[L]istening to leaders like Nasser, Ben Bella, and Nkrumah awakened me to the dangers of racism. I realized racism isn't just a black and white problem. It's brought bloodbaths to about every nation on earth at one time or another.
Brother, remember the time that white college girl came into the restaurant—the one who wanted to help the [Black] Muslims and the whites get together—and I told her there wasn't a ghost of a chance and she went away crying? Well, I've lived to regret that incident. In many parts of the African continent I saw white students helping black people. Something like this kills a lot of argument. I did many things as a [Black] Muslim that I'm sorry for now. I was a zombie then—like all [Black] Muslims—I was hypnotized, pointed in a certain direction and told to march. Well, I guess a man's entitled to make a fool of himself if he's ready to pay the cost. It cost me 12 years. That was a bad scene, brother. The sickness and madness of those days—I'm glad to be free of them.http://en.wikipedia.org/wiki/Ma
- Anonymous5 years ago
I agree with some of that. At its inception, capitalism was revolutionary and could have been described to be 'like an eagle'. It was revolutionary inasmuch as it brushed aside the moribund and restrictive influence of feudal absolutism, and embarked upon a scientific crusade of discovery. In this respect it was revolutionary. It became reactionary very soon afterwards, however, as the progress that was made in the fields of industrial and agricultural production were not used to improve the lot of everyone but merely to feather the nests of the privileged few who had the wealth to invest in the new enterprises. Workers created the profits but were/are denied access to the true value of their labour. Regarding the collapse of capitalism, of course, the system is very unstable and fraught with contradictions. If the system collapses, what do we replace it with? Of course, it's the historic task of the proletariat to create a new society...a society that is able to harness technology for the benefit of all people throughout the world. Unfortunately there is no guarantee that workers will step into the breach. When Rosa Luxemburg said that we face a choice between socialism or barbarism it could be interpreted in two ways. Firstly, we on the left view the defeat of the German Revolution and the subsequent victory of fascism as barbarism. At the same time we can also view her words as a dire warning of near total destruction of the technologies we've come to rely on, and a return to earlier forms of social organisation such as feudalism. Malcolm X developed an excellent analysis and critique of capitalism and my guess is that, over time, he would have moved over to the cause of socialism!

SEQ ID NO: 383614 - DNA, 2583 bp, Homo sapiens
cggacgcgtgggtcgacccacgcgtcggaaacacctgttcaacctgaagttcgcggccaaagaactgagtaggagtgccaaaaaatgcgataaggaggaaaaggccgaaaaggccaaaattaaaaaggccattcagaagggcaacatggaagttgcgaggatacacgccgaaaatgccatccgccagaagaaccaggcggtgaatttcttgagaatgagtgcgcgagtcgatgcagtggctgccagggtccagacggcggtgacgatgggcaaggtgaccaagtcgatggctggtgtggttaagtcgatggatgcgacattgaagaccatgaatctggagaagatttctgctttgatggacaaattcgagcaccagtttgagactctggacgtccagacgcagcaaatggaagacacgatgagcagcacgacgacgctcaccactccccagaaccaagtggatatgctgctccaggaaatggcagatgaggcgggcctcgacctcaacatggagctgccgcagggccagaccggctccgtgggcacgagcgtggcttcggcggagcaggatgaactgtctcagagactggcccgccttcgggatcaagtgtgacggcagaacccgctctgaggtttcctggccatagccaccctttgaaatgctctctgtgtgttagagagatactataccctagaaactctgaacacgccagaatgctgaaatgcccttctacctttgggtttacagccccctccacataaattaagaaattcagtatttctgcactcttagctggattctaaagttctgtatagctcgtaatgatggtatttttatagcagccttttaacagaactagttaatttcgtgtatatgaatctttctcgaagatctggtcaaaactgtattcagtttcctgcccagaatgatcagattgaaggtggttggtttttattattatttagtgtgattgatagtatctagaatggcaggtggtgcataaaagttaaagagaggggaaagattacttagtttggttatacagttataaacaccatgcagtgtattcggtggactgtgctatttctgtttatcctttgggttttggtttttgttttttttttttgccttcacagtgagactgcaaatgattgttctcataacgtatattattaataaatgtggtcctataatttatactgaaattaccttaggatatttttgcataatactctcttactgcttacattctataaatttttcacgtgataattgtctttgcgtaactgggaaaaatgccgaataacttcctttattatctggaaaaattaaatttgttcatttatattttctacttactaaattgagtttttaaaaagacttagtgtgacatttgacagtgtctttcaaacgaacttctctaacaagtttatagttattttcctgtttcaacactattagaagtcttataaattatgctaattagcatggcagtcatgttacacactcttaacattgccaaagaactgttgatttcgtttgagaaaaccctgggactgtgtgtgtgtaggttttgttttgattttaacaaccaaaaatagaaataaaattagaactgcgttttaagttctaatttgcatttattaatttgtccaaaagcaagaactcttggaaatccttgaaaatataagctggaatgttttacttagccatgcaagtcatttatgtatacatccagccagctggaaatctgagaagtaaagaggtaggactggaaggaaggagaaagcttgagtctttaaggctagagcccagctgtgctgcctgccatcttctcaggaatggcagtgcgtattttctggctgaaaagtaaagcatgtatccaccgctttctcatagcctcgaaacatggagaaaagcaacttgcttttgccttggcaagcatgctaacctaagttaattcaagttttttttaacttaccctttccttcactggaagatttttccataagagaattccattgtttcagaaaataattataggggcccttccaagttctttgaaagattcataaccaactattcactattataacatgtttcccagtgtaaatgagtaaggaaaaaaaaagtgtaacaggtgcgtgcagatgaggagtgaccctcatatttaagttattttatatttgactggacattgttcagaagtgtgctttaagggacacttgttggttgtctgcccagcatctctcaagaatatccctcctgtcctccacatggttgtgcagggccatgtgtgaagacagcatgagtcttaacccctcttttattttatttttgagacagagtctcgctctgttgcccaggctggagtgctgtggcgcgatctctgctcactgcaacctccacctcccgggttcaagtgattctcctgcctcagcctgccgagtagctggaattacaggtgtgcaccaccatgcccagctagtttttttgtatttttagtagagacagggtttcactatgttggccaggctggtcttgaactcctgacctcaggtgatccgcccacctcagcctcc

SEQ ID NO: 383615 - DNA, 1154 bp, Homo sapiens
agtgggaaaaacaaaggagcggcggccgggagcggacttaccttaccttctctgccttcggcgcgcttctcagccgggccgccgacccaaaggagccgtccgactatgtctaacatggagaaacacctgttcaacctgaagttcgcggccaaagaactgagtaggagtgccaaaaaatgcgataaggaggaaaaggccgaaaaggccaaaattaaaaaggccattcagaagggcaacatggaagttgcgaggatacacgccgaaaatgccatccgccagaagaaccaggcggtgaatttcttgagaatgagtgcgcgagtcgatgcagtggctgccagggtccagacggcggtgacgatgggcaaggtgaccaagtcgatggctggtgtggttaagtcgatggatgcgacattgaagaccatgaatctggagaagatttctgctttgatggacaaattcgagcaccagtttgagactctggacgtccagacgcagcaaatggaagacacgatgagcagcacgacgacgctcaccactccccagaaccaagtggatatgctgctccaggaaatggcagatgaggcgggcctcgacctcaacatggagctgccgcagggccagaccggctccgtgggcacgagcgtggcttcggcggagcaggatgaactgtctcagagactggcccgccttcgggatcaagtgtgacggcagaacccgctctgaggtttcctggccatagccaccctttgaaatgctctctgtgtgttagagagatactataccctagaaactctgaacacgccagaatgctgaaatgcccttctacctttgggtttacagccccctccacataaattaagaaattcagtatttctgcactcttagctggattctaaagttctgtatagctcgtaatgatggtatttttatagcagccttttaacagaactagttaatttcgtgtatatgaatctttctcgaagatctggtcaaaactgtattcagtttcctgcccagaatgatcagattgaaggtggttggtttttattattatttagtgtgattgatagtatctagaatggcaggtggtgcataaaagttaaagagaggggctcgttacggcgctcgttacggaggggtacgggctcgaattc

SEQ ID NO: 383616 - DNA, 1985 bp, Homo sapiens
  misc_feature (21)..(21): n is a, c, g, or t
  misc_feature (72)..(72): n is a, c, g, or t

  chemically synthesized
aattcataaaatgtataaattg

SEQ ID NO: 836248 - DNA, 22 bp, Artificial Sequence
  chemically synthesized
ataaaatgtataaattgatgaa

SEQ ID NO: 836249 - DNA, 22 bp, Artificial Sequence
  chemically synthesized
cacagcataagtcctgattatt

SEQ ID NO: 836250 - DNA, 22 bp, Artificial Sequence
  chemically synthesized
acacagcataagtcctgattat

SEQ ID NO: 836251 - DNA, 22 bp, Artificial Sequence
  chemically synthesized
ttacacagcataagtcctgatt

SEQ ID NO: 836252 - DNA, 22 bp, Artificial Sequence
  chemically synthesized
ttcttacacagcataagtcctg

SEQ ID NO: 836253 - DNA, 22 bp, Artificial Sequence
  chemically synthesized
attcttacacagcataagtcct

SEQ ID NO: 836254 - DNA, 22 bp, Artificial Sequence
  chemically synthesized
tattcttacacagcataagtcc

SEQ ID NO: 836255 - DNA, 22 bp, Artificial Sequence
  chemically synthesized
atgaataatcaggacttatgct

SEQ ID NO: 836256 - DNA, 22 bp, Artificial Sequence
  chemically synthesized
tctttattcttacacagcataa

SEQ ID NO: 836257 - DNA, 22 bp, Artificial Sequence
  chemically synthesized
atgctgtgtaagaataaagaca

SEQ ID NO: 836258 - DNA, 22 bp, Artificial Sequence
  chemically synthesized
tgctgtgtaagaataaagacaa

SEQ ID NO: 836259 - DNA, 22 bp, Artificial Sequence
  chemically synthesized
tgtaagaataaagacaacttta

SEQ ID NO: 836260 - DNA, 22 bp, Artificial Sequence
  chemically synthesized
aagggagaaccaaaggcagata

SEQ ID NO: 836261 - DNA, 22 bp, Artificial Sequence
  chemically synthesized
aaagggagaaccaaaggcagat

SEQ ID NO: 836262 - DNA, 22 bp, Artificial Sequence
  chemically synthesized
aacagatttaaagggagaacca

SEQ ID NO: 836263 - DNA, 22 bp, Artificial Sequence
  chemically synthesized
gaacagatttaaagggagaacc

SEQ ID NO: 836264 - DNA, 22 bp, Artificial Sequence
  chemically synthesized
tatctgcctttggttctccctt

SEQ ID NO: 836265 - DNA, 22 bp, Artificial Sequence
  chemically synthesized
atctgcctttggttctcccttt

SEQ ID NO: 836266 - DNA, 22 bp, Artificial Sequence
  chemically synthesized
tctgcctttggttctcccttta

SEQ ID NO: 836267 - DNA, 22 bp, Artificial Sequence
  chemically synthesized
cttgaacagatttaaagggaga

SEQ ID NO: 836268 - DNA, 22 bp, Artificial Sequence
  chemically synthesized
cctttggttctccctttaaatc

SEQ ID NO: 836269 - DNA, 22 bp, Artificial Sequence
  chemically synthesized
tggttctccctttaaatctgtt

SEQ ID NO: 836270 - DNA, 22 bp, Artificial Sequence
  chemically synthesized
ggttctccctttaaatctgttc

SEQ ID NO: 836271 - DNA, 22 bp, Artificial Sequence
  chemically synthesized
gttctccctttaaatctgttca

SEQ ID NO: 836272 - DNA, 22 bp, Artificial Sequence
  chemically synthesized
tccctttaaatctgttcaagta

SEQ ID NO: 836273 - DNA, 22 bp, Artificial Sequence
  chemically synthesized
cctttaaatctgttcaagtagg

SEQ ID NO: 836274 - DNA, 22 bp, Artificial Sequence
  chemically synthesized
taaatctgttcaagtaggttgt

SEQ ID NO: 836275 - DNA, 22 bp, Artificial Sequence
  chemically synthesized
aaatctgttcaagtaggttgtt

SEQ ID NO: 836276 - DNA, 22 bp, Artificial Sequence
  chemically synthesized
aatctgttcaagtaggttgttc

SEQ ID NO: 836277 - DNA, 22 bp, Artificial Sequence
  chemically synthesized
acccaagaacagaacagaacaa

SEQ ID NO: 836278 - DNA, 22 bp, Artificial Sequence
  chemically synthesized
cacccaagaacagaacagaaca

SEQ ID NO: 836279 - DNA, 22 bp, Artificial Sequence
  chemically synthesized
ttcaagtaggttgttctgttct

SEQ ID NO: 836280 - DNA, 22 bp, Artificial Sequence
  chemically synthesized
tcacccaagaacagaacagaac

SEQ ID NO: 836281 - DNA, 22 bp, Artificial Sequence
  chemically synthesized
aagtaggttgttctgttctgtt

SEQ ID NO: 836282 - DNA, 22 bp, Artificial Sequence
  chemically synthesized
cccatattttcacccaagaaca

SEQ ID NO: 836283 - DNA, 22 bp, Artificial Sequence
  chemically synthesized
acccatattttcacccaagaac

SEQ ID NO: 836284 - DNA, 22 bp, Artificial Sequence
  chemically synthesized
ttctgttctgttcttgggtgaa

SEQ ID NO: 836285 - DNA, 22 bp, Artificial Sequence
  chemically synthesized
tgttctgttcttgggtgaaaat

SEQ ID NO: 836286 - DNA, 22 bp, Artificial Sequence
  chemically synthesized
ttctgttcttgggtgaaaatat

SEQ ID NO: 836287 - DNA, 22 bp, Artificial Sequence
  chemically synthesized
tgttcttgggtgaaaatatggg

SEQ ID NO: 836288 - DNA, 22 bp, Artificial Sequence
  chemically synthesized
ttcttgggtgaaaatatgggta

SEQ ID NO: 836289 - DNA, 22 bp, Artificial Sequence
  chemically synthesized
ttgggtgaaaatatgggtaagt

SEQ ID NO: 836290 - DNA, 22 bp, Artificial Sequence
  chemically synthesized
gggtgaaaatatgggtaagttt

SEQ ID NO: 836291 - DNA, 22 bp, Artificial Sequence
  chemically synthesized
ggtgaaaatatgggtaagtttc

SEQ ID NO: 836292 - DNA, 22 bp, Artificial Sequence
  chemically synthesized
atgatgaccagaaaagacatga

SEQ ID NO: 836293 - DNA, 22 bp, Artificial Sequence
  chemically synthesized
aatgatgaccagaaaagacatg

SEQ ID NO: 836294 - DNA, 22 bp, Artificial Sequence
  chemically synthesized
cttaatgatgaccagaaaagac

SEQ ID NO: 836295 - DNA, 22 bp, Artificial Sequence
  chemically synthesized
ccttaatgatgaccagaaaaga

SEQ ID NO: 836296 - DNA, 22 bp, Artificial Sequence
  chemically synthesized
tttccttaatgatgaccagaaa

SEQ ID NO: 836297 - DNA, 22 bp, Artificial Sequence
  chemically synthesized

- Anonymous1 decade ago
Yes, he embraced Islam (the real one, not the "Nation of Islam") after he made the Hajj, the pilgrimage to Mecca. At Hajj, he saw millions of people of all races congregating together, wearing the same unit of clothing (called ihram). From this he realized that blacks and whites and everyone else was equal in the eyes of Allah SWT. Subsequently, he toured Africa and returned to America. Because he began teaching genuine Islam upon his return, he was assassinated on the orders of Elijah Muhammad, the false prophet and leader of the "Nation of Islam", who through the introduction of genuine Islam stood to lose everything in his race-baiting racket. Ironically, Elijah Muhammad himself died anyway about a year or two later.
- noLv 71 decade ago
He still believed that Blacks were superior to whites, and he didn't like the white race, but he no longer believed that all whites were devils as was taught by the Black Moslem church.
He was killed because he started telling about transgressions within the Black Moslem Church such as the illegitimate children being spread around by the leaders of that organization. They also wanted to have him killed because he actually stated that not all white people were devils (if they became Moslems).
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- Ammunition843Lv 51 decade ago
He likely believed that blacks should be equal to whites, or that they should be above whites.
He was assassinated by the Nation of Islam after he ticked them off. I don't know specifics though, only because I didn't study his life that much.